Superintendents contest charter school funding
Administrators seek more equitable aid formula
As talk brews about a new elementary charter school in Devens, some school officials in the region are calling for revisions to the state's method of financing charter schools, which they say is antiquated and inequitable.
Charter schools, a form of alternative schooling promoted as a way of challenging the state's public schools to improve, have been a longstanding controversy across Massachusetts. But with public school systems facing leaner fiscal times, the statewide debate about charter schools depleting districts' school aid is at an all-time high.
While not philosophically opposed to the idea of charter schooling, superintendents in Pepperell, Groton, Dunstable, Acton, and Boxborough say the method for financing them is an out-of-date system that unfavorably benefits charter schools, which don't face the same costs, such as busing.
Each year, these school districts lose students -- and state aid -- mostly to a nearby charter school in Devens, the Francis W. Parker Essential School. The school has 365 students in grades 7 to 12.
Funding for charter schools is based on a formula that takes into account a student's educational needs. For each child who attends a charter school, money from the state's main educational aid program, known as Chapter 70, is shifted from that child's original school district into the charter school.
Acton-Boxborough Superintendent Bill Ryan estimated that his district sees about $250,000 slip through its fingers each year to charter schools. The district loses an average of about $8,000 per student to charter schools, an amount similar to its per-pupil spending.
Ryan said the district also loses money when it tries to replace charter students with students from outside the district. The state gives back $5,000 for out-of-district students, known as school-choice students, resulting in a net financial loss, he said.
''I think giving parents a choice is terrific," Ryan said. ''The problem I have is with the funding formula."
Groton-Dunstable Superintendent Mary Jennings said her district is hit even harder, losing up to $400,000 on average. Jennings recently sent out a flier across Groton and Dunstable, urging residents to apply political pressure at the state level to change the formula.
The flier and its figures are disputed by Francis Parker administrators, however.
The flier contended that the district loses, on average, more than $9,000 in state aid per charter student. Francis Parker business manager Clare Jeannotte said the figure is closer to $8,000 and doesn't include money that the state began reimbursing to the towns this year to compensate for capital costs for public schools.
''A lot of districts think this comes as a hit to their Chapter 70," said Jeannotte. ''The reality is some of it comes back to the towns."
Jeannotte said the state already made several revisions to the charter school funding formula this fiscal year in order to level the playing field for public schools. One example is the reimbursements mentioned by Jeannotte. The state has traditionally shifted Chapter 70 money to charter schools for capital costs; now school districts get full or partial reimbursement for that money.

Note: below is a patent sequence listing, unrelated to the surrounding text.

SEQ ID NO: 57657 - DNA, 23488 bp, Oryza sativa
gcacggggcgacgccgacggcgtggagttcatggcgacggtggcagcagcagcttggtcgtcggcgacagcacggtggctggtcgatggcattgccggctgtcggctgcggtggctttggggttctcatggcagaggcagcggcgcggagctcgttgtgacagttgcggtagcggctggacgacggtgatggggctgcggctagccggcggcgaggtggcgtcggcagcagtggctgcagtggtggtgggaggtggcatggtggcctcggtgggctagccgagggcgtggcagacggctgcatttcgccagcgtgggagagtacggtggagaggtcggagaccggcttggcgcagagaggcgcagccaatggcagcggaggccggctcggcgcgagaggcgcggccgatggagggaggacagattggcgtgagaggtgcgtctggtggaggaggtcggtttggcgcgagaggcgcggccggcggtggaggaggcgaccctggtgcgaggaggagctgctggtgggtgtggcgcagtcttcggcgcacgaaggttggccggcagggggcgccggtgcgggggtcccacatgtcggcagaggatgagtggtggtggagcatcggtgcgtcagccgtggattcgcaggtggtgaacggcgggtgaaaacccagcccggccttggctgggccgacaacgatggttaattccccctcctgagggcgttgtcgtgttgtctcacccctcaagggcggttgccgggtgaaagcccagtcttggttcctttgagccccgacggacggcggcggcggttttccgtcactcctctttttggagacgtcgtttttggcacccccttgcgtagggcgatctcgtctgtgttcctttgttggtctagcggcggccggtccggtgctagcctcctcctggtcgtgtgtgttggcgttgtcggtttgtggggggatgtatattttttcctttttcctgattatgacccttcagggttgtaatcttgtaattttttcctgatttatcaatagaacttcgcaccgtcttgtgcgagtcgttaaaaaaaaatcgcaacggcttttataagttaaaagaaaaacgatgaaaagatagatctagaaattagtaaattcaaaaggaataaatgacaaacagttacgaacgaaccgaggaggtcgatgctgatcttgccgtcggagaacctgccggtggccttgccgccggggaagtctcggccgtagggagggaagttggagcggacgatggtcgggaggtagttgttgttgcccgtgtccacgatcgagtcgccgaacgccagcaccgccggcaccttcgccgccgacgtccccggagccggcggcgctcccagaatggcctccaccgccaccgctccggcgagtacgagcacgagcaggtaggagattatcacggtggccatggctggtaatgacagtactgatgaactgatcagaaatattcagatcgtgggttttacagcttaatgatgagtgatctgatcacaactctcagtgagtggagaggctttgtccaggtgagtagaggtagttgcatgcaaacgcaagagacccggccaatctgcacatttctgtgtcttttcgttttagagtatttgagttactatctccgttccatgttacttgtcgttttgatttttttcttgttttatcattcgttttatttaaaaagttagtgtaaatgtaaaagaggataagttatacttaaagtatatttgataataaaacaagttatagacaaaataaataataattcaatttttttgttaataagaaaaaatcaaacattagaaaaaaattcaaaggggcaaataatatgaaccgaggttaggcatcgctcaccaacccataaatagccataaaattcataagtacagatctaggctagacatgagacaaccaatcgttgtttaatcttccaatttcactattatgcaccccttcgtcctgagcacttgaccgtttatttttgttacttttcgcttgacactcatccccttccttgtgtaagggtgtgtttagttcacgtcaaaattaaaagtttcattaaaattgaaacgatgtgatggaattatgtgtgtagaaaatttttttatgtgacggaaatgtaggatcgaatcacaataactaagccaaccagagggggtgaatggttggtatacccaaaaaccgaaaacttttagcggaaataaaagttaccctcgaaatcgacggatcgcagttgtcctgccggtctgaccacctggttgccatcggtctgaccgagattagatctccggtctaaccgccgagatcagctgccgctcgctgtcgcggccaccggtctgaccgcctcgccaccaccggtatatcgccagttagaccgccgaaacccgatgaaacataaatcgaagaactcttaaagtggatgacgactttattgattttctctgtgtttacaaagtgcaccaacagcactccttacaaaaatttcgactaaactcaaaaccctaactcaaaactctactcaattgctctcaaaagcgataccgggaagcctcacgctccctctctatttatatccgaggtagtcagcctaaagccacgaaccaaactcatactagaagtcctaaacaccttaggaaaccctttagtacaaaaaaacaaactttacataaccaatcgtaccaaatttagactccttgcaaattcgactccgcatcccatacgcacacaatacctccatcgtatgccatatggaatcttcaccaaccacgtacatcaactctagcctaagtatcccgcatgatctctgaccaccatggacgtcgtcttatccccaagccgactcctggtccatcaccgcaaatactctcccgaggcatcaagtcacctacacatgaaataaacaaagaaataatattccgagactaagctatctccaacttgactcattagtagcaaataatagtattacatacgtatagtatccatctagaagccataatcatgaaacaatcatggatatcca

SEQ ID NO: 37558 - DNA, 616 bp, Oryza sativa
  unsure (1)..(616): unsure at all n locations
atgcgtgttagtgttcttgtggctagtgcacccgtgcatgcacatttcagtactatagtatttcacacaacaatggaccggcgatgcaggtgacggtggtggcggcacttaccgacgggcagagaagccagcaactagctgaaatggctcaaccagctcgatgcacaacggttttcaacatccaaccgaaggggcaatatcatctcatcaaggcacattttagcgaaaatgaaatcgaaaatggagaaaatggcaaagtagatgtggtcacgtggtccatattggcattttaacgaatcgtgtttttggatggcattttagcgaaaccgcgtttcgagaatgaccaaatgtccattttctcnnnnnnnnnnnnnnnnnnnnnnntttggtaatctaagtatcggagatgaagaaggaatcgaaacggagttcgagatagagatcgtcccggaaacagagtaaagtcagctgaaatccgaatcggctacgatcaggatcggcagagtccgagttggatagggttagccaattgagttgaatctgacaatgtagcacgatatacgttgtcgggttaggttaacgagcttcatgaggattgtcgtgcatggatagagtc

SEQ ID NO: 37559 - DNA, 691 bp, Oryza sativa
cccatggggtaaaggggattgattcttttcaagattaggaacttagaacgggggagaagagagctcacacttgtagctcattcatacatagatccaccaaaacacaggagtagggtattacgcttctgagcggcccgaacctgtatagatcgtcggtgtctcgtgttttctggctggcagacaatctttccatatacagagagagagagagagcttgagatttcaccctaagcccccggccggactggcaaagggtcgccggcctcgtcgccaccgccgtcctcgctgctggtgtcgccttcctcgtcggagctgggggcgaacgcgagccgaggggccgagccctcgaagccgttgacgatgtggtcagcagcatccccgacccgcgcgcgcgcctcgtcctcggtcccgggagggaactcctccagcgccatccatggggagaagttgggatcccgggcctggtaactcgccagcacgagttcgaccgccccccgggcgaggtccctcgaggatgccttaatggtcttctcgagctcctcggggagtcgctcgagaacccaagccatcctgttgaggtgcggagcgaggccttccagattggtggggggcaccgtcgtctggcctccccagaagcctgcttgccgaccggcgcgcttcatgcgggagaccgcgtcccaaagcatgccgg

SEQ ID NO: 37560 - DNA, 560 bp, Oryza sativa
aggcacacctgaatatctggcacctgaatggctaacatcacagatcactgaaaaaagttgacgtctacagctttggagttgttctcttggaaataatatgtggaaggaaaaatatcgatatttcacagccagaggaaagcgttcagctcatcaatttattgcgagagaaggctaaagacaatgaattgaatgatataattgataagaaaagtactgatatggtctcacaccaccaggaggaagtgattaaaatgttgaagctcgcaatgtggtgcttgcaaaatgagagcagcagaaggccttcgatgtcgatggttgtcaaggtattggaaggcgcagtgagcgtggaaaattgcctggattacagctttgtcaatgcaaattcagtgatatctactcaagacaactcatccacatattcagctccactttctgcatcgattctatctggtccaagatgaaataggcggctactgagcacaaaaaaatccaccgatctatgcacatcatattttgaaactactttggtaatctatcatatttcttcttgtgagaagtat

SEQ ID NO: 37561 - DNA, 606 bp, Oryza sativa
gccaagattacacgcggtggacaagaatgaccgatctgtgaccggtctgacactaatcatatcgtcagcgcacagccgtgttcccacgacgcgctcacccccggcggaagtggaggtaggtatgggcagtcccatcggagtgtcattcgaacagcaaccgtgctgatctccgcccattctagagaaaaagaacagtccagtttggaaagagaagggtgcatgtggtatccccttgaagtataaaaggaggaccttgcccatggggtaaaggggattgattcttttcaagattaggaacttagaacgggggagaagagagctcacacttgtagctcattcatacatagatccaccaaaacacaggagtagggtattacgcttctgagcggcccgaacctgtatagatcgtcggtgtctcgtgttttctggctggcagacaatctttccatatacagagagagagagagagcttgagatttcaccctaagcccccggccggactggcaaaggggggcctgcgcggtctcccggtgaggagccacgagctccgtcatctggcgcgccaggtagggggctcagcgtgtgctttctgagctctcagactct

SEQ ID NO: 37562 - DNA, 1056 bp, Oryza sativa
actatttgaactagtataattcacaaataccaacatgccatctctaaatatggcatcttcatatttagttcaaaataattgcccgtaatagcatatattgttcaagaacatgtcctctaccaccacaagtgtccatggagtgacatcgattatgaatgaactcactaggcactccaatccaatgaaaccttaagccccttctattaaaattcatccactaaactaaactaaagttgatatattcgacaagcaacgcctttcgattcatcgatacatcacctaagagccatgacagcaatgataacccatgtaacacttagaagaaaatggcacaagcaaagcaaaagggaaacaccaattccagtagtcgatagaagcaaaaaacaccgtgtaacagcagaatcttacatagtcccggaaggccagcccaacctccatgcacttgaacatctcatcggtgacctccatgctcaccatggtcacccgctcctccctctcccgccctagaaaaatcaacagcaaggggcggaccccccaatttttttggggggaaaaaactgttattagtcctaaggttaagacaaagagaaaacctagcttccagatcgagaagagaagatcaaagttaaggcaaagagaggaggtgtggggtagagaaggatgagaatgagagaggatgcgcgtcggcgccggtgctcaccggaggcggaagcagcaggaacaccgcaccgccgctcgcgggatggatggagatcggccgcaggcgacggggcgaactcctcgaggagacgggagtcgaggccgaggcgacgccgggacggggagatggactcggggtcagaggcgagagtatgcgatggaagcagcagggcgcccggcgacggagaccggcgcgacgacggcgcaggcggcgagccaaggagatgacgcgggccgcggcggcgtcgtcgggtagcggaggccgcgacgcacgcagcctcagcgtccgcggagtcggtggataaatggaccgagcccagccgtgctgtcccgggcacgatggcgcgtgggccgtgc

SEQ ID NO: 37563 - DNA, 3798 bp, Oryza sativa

Heidi Perlman, a spokeswoman for the state Department of Education, said the department doesn't agree with superintendents on the issue. ''The priority should be to make sure the money follows the student," she said. ''We don't actually agree that there should be a limit on that."
Still, administrators and school officials want more changes.
The Massachusetts Association of School Superintendents is asking legislators to limit Chapter 70 payments to charter schools to either $5,000 or to 75 percent of the total cost of educating charter students. Under the plan, the state would use money from other sources to make up the remaining cost of educating charter school students.
Pepperell's superintendent, James McCormick, who estimated that he loses about 65 students annually to nearby charter schools, not only wants to see the charter school funding better reflect district spending, but also wants a temporary moratorium on the creation of charter schools.
At the moment, the House of Representatives has proposed one change to the funding formula for charter schools for the fiscal 2006 budget, but the Legislature hasn't planned an overhaul of the law, according to legislative aides. The amendment would lower the amount of school aid to charter schools, if the state were unable to fully reimburse communities for a portion of some aid lost to charter schools.
Devens could soon face another charter school at the elementary level.
Michael Long, who recently resigned as chairman of the Devens Educational Advisory Committee, said the committee recently recommended that MassDevelopment, the agency overseeing redevelopment of the former Army base, accept a charter school.
Under a plan put forward by the advisory committee, an elementary school would open in 2006 and would operate for one year as a tax-funded public school. It would become a charter school in 2007.
Long, however, indicated that the charter school should have less of an impact on surrounding towns than Francis Parker. Devens residents would be given preference at the school, he said, whereas Francis Parker, which obtains its students through a lottery, is open to all surrounding communities.
''It is not the intention of [the committee] to take students away from surrounding communities," he said.
© Copyright 2006 Globe Newspaper Company.
"Never underestimate the power of a small, dedicated group of people to change the world; indeed, that is the only thing that ever has." - Margaret Mead
Read my blog, Charter Free PS15 at http://charter-free-ps15.blogspot.com/